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> The problem I see from the wikipedia page is that it's very goal oriented. I feel that the happy spectrum doesn't positively shift due to fulfilling goals, but pursuing goals actually shifts you negatively along this axis.

I suspect, using McGilchrist's words, there's a tendency for the Left Hemisphere to be very "graspy" towards goals. And most goal literature is written from that mindset or accidentally encourages that.

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> people act as if one bucket can help solve the other bucket.

sometimes it does work and other times it doesn't.

it's not an exact science

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Also I see that your three factors of Autonomy, Mastery, and Purpose closely resemble self determination theory’s three factors


I personally find these three factors useful but not enough as I tend to interpret them closer to meaning factors as per Herzburg’s

Another similar motivation theory like SDT but with more factors is David Rock’s SCARF

as in Status, Certainty, Autonomy, Relatedness, Fairness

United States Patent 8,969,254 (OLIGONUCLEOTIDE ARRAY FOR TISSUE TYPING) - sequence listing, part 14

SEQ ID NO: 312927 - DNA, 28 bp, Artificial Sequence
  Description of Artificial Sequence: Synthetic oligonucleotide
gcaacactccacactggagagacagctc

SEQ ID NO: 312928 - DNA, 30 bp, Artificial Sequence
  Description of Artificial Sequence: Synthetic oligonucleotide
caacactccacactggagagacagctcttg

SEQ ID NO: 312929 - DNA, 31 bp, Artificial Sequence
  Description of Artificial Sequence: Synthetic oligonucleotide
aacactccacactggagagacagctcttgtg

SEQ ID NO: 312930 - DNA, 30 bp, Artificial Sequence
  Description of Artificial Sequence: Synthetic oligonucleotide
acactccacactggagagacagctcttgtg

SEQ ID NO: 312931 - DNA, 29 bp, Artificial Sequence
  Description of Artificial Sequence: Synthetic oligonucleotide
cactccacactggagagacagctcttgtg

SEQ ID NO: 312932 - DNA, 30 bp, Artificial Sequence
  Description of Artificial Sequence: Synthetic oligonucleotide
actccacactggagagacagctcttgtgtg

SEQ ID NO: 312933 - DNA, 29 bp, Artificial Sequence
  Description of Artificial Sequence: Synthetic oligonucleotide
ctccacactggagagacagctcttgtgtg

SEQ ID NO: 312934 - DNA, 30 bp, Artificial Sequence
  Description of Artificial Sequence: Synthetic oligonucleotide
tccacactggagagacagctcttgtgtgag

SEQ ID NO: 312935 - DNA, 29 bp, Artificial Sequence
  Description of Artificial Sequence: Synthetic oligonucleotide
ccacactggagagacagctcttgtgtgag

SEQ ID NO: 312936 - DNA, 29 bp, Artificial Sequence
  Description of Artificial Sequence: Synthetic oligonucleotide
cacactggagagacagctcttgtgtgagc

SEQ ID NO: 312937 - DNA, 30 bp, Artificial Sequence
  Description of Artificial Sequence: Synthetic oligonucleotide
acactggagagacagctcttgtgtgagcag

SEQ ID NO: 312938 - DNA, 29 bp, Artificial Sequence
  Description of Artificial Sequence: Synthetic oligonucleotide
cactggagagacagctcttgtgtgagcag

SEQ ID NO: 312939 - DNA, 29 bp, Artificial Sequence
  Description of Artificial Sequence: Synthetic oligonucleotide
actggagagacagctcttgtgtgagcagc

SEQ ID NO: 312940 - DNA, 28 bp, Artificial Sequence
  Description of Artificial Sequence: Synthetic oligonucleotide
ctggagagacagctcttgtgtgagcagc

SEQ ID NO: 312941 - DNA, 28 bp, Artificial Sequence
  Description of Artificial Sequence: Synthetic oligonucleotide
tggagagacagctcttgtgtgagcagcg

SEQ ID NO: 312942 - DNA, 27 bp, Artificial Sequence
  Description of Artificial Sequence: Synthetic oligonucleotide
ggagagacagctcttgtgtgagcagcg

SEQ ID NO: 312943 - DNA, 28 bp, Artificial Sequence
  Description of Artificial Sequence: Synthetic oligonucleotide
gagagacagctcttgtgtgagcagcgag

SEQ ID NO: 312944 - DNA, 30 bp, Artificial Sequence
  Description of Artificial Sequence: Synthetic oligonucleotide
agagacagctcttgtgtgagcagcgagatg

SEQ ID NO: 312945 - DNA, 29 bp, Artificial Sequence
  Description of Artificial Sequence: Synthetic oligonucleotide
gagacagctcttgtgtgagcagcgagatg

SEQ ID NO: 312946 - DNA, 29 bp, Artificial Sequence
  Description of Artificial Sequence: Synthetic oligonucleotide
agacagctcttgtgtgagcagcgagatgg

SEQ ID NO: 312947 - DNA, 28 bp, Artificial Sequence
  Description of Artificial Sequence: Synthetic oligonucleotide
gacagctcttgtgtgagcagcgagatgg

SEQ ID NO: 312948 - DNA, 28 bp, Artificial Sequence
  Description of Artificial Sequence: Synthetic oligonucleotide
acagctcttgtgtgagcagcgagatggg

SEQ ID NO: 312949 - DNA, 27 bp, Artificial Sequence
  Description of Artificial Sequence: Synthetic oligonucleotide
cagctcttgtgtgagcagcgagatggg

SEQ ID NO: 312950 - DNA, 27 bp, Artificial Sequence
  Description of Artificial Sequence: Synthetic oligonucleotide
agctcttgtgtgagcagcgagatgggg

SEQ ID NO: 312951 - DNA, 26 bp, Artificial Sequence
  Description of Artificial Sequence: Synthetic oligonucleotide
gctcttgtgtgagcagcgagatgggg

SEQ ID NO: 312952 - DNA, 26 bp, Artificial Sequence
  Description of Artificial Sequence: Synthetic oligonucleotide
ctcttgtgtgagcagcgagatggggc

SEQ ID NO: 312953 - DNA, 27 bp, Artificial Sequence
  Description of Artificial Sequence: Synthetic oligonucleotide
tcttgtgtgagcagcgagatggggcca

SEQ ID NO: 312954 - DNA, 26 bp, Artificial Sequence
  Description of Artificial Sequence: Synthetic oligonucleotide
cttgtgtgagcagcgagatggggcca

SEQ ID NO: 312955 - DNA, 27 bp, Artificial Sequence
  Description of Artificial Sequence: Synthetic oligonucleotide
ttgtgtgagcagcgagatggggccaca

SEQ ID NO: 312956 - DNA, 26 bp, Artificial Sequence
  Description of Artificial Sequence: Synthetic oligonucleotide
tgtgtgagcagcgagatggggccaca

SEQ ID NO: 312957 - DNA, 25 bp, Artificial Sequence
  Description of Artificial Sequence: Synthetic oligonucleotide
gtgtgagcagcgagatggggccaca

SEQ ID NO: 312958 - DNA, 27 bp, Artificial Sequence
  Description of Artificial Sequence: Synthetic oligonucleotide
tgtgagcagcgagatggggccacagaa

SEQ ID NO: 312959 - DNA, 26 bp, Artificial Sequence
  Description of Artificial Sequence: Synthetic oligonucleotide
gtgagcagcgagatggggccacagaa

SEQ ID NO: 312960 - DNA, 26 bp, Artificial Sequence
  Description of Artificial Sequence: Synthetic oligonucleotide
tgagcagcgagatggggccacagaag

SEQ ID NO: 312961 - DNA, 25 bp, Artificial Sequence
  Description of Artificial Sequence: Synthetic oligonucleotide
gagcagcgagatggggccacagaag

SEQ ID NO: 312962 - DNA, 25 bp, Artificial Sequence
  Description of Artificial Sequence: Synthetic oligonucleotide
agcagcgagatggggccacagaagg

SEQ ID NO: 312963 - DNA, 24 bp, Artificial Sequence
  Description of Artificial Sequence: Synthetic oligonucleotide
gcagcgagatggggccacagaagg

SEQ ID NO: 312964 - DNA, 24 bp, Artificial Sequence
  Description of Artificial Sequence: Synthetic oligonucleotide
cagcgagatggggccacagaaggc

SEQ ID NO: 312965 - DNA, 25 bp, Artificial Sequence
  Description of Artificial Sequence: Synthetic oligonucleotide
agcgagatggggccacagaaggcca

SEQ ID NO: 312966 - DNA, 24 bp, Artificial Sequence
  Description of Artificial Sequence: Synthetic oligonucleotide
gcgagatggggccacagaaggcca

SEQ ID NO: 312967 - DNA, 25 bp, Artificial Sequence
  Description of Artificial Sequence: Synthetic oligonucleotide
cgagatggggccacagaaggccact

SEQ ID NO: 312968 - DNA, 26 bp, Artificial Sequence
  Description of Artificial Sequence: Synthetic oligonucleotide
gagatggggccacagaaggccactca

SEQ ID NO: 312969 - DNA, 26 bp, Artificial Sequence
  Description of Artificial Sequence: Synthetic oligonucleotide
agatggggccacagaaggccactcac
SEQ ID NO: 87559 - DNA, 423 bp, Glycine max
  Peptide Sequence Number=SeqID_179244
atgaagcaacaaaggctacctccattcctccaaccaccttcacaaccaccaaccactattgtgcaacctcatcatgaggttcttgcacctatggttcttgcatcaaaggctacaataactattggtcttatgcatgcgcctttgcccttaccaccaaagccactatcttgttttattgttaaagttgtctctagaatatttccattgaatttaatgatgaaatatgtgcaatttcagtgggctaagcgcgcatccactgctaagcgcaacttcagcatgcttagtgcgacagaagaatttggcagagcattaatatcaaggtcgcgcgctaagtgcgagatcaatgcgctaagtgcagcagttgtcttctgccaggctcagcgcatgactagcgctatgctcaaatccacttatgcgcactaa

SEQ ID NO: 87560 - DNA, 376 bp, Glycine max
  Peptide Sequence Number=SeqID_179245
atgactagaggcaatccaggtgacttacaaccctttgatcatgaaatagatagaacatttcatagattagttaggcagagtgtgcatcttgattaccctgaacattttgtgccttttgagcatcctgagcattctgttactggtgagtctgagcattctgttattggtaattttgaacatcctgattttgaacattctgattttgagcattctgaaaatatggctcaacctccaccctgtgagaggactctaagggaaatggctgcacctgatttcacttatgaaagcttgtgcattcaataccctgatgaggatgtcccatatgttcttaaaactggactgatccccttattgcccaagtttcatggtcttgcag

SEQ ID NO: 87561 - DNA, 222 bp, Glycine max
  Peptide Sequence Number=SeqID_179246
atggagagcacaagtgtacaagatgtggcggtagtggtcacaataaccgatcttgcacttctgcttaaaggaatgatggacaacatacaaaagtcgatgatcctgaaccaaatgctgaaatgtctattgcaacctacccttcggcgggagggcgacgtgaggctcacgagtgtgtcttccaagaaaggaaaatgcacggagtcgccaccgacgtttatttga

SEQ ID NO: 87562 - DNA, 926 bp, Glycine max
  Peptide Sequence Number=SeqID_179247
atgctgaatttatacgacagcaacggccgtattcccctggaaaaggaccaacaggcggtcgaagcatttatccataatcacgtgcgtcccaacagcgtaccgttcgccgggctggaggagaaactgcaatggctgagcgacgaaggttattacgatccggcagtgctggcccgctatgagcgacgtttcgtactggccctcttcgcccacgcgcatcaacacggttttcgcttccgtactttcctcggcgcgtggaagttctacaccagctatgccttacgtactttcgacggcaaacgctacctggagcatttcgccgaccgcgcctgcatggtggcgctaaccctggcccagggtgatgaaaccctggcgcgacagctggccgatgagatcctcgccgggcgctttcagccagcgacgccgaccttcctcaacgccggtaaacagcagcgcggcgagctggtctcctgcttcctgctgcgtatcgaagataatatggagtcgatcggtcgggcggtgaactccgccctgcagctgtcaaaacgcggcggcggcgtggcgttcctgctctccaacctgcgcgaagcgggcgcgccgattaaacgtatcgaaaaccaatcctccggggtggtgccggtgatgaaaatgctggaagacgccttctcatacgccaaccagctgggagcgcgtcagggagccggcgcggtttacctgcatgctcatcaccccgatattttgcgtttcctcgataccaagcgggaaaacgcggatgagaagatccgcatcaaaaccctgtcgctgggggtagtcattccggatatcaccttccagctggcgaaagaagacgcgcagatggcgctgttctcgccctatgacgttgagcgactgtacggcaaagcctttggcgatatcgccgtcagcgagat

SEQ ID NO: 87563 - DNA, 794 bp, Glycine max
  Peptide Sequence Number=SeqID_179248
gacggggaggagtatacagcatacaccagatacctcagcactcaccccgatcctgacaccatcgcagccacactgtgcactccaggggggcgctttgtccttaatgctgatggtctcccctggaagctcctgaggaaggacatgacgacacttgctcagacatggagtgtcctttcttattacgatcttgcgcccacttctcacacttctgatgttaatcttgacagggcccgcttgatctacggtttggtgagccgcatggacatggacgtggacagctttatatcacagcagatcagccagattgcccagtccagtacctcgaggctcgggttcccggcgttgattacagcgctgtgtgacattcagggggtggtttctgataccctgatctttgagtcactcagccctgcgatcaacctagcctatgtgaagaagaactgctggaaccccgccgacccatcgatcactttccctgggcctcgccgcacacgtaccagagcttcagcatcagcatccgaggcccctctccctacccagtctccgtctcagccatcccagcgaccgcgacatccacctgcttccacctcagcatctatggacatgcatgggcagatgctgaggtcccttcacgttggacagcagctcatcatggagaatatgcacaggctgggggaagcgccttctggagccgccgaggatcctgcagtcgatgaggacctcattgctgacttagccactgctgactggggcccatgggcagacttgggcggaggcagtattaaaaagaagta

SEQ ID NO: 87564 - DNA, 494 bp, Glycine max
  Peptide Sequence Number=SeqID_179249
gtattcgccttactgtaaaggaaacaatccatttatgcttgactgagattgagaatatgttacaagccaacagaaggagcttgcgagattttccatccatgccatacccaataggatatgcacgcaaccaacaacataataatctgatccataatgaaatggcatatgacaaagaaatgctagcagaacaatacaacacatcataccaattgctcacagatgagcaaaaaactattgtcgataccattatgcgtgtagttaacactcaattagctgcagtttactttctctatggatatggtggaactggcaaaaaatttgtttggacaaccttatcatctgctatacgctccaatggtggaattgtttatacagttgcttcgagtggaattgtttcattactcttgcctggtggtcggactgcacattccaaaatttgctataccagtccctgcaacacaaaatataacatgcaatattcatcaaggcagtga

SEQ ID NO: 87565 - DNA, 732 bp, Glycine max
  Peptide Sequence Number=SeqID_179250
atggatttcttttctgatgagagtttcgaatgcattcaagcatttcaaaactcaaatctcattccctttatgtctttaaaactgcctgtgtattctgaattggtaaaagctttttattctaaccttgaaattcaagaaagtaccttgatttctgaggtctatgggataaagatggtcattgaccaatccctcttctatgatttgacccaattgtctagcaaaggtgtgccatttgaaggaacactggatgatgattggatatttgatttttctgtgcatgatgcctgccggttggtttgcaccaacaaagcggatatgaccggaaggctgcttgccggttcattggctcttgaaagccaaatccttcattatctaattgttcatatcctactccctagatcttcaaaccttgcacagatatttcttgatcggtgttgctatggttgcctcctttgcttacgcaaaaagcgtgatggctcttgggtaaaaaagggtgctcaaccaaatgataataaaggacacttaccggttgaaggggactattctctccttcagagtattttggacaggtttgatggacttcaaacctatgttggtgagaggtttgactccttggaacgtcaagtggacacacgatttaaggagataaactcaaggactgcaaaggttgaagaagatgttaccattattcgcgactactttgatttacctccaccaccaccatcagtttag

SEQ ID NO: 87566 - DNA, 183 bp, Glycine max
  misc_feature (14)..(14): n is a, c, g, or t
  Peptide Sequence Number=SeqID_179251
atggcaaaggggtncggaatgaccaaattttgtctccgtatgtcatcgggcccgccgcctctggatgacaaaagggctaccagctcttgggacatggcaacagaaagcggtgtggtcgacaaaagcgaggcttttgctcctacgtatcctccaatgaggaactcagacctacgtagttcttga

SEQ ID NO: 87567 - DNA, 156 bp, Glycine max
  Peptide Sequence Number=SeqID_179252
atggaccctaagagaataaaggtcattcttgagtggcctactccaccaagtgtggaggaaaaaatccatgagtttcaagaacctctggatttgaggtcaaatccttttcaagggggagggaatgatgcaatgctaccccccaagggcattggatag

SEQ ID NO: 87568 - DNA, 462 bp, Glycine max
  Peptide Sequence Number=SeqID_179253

I kinda combine all three (SDT, SCARF, Herzberg’s) to make sense of what I care about

So SDT + SCARF gives me about 6 factors because autonomy and relatedness are repeated in both

Status I divide into internal and external

Internal status for me is driven by mastery

External status is driven by credentials and humble brags

Then I broadly group these 6 or 7 ( if you split status into internal and external ) into hygiene and meaning as per Herzberg

Finally I don’t see these factors only as goals or objectives to aim at for my ideal lifestyle. I see them more like there’s a minimal threshold I need in each of these 7 factors

And the minimum threshold in these factors may change as I grow older

Every time I feel depressed, it’s usually because one or more factors I am not hitting the bare minimum to be ok

Then there’s another threshold in each factor for me to feel I’m living at an optimal level